2019 Bills introduced
SB 5365 & HB 1019 Concerning vaccination and antibody titer test notification. Establishes the vaccine consumer protection act. Establishes a requirement for health care providers to notify individuals, before vaccine administration, of the option to obtain serologic proof of immunity in lieu of vaccination for all vaccines for which there is a licensed antibody titer test.
HB 1741 Concerning rabies antibody titers as proof of immunity. Specifies that positive antibody titer results constitute serological proof of immunity for rabies and are acceptable to meet rabies vaccination requirements by agencies in the state for dogs, cats, or other household pets.
HB 1275 Establishing a database to monitor the adverse effects of vaccinations. Requires the department of health to: (1) Establish the adverse vaccine reaction monitoring program and a database to collect reports from persons who have had an adverse reaction following the administration of a vaccine approved by the federal food and drug administration; and (2) Collect a one-dollar fee from every licensed health care provider for each vaccine that he or she administers. Creates the adverse vaccine reaction monitoring account.
HB 1276 Preventing human and environmental exposure to mercury. Finds that all forms of mercury are neurotoxic, nephrotoxic, and immunotoxic and there is no known safe level of human exposure. Eliminates or restricts mercury from certain products to protect humans and the environment.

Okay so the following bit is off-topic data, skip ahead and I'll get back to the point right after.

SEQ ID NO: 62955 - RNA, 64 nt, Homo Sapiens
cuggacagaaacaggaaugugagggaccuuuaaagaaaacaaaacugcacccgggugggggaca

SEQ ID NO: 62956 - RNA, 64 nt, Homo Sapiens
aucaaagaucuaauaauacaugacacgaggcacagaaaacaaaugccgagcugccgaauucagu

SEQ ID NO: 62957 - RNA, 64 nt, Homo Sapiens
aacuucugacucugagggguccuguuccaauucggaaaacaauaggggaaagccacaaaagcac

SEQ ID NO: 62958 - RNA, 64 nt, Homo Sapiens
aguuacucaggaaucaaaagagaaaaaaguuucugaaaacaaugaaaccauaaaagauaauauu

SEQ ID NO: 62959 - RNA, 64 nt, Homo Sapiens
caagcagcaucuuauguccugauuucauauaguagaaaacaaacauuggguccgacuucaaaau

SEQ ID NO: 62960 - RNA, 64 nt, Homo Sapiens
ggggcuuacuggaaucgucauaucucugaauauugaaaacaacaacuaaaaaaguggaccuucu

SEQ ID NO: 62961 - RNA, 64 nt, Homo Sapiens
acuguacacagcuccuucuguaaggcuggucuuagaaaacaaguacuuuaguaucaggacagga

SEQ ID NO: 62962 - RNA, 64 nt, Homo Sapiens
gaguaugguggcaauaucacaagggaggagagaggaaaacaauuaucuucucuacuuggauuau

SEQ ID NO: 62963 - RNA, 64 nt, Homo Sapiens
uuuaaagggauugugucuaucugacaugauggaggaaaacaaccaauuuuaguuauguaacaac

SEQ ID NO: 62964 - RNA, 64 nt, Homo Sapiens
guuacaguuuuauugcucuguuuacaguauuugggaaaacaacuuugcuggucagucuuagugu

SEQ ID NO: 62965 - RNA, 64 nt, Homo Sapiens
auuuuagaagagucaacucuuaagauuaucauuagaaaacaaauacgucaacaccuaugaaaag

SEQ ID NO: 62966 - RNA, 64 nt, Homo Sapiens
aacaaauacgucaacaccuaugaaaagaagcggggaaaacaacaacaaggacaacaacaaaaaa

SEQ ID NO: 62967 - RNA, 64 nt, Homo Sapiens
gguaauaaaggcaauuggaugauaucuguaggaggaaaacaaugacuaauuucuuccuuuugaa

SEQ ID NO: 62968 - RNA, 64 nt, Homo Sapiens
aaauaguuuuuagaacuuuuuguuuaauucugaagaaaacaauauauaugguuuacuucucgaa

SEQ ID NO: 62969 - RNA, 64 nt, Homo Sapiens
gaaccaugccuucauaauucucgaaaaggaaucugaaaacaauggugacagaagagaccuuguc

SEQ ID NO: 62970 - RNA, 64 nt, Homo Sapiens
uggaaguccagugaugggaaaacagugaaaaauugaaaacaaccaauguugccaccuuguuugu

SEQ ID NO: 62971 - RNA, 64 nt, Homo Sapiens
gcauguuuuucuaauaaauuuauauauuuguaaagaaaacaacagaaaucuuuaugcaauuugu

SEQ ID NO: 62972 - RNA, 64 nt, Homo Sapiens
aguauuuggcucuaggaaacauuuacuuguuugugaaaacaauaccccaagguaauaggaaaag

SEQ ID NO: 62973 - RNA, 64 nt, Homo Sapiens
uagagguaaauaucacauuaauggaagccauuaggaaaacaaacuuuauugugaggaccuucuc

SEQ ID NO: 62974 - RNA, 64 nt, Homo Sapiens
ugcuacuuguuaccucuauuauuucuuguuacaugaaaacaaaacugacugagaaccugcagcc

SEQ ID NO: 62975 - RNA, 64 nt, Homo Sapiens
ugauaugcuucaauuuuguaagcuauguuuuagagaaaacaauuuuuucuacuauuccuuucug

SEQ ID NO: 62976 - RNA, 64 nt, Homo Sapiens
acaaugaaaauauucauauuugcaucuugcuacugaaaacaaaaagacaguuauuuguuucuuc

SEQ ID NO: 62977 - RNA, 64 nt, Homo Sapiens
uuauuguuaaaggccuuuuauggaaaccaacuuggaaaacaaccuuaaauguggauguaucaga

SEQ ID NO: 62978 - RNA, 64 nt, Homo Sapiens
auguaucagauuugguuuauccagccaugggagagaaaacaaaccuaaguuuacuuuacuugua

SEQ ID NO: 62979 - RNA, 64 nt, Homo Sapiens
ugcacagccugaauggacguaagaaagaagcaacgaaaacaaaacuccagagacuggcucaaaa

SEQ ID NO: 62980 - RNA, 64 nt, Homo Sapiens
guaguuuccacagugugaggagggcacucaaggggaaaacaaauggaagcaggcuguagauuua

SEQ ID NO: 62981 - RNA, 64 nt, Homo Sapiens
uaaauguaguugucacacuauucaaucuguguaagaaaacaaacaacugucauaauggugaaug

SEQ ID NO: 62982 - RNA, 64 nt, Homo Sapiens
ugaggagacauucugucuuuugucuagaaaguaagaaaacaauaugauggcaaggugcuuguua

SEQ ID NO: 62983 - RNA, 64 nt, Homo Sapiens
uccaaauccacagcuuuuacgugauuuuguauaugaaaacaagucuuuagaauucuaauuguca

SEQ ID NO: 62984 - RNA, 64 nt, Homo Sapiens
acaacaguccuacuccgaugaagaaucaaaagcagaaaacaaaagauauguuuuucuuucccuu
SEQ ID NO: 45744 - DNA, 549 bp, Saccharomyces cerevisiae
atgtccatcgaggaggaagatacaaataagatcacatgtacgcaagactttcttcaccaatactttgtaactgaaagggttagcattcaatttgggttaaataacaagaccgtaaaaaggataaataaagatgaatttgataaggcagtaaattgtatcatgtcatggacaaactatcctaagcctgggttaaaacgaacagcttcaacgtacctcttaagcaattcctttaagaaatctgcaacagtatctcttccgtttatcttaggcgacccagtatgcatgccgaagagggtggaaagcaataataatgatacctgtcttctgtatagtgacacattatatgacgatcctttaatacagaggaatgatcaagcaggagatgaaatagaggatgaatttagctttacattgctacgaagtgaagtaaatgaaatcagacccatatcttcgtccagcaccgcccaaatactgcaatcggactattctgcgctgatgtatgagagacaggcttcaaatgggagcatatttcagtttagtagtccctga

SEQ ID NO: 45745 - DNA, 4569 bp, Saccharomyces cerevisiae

HB 1976 Concerning vaccine safety. To assure the public regarding the safety of immunization measures, establishes minimal vaccine safety testing requirements.
SJM 8012 Requesting that Congress allow design defect claims against vaccine manufacturers by individuals who have experienced adverse side effects caused by vaccines.
2018 Bills introduced
HB 2840: Concerning vaccines containing mercury or aluminum.
This bill addresses mercury and aluminum in vaccines.
The first part of the bill bans all mercury from vaccines in WA state, which is excellent.
The second part of the bill sets the maximum amount of aluminum per vaccine to the existing federal limits. In order to improve vaccine safety, the bill must be amended to add that no more than 1 aluminum-containing vaccine can be administered per day/office visit.
The federal limits are still far too high and are not based on safety science, but limiting the number of aluminum-containing vaccines that can be administered per doctor’s visit would be a big step in the right direction and lessen the aluminum burden on infants and children.
HB 2841:Distributing information about the risks associated with vaccinations.
HB 2842:Notifying parents and guardians about immunization exemptions.
HB 2090: Prohibiting the administration of a vaccine without reviewing the patient’s full health history and reviewing the package insert for the vaccine with the patient.
HB 2092:Regulating the content of the immunization exemption form by prohibiting the form from requiring detailed statements regarding objections to vaccination, prohibiting the form from requiring a declaration regarding potential risks, and requiring the form to indicate when a signator is exercising his or her freedom of religion.